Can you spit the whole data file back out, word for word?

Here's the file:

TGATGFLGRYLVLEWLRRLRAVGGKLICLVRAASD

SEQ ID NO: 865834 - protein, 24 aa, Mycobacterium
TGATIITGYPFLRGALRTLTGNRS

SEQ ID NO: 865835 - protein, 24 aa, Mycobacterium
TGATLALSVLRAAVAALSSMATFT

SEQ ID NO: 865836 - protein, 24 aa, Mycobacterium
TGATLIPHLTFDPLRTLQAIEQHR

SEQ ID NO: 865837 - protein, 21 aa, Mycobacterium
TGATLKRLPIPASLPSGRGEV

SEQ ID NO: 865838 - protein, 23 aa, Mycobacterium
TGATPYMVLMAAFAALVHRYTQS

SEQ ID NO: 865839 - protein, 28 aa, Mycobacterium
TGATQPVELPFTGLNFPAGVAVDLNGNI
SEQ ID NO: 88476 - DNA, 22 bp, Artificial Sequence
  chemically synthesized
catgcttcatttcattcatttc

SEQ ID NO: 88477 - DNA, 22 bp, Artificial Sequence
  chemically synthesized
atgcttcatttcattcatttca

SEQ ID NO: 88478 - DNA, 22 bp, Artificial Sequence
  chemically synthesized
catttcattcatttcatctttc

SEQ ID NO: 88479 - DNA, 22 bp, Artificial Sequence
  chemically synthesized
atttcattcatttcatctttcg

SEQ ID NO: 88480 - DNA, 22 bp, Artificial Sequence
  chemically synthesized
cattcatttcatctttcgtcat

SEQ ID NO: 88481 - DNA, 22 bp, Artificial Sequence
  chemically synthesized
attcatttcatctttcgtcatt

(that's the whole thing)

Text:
TGATGFLGRYLVLEWLRRLRAVGGKLICLVRAASD

SEQ ID NO: 865834 - protein, 24 aa, Mycobacterium
TGATIITGYPFLRGALRTLTGNRS

SEQ ID NO: 865835 - protein, 24 aa, Mycobacterium
TGATLALSVLRAAVAALSSMATFT

SEQ ID NO: 865836 - protein, 24 aa, Mycobacterium
TGATLIPHLTFDPLRTLQAIEQHR

SEQ ID NO: 865837 - protein, 21 aa, Mycobacterium
TGATLKRLPIPASLPSGRGEV

SEQ ID NO: 865838 - protein, 23 aa, Mycobacterium
TGATPYMVLMAAFAALVHRYTQS

SEQ ID NO: 865839 - protein, 28 aa, Mycobacterium
TGATQPVELPFTGLNFPAGVAVDLNGNI
SEQ ID NO: 88476 - DNA, 22 bp, Artificial Sequence
  chemically synthesized
catgcttcatttcattcatttc

SEQ ID NO: 88477 - DNA, 22 bp, Artificial Sequence
  chemically synthesized
atgcttcatttcattcatttca

SEQ ID NO: 88478 - DNA, 22 bp, Artificial Sequence
  chemically synthesized
catttcattcatttcatctttc

SEQ ID NO: 88479 - DNA, 22 bp, Artificial Sequence
  chemically synthesized
atttcattcatttcatctttcg

SEQ ID NO: 88480 - DNA, 22 bp, Artificial Sequence
  chemically synthesized
cattcatttcatctttcgtcat

SEQ ID NO: 88481 - DNA, 22 bp, Artificial Sequence
  chemically synthesized
attcatttcatctttcgtcatt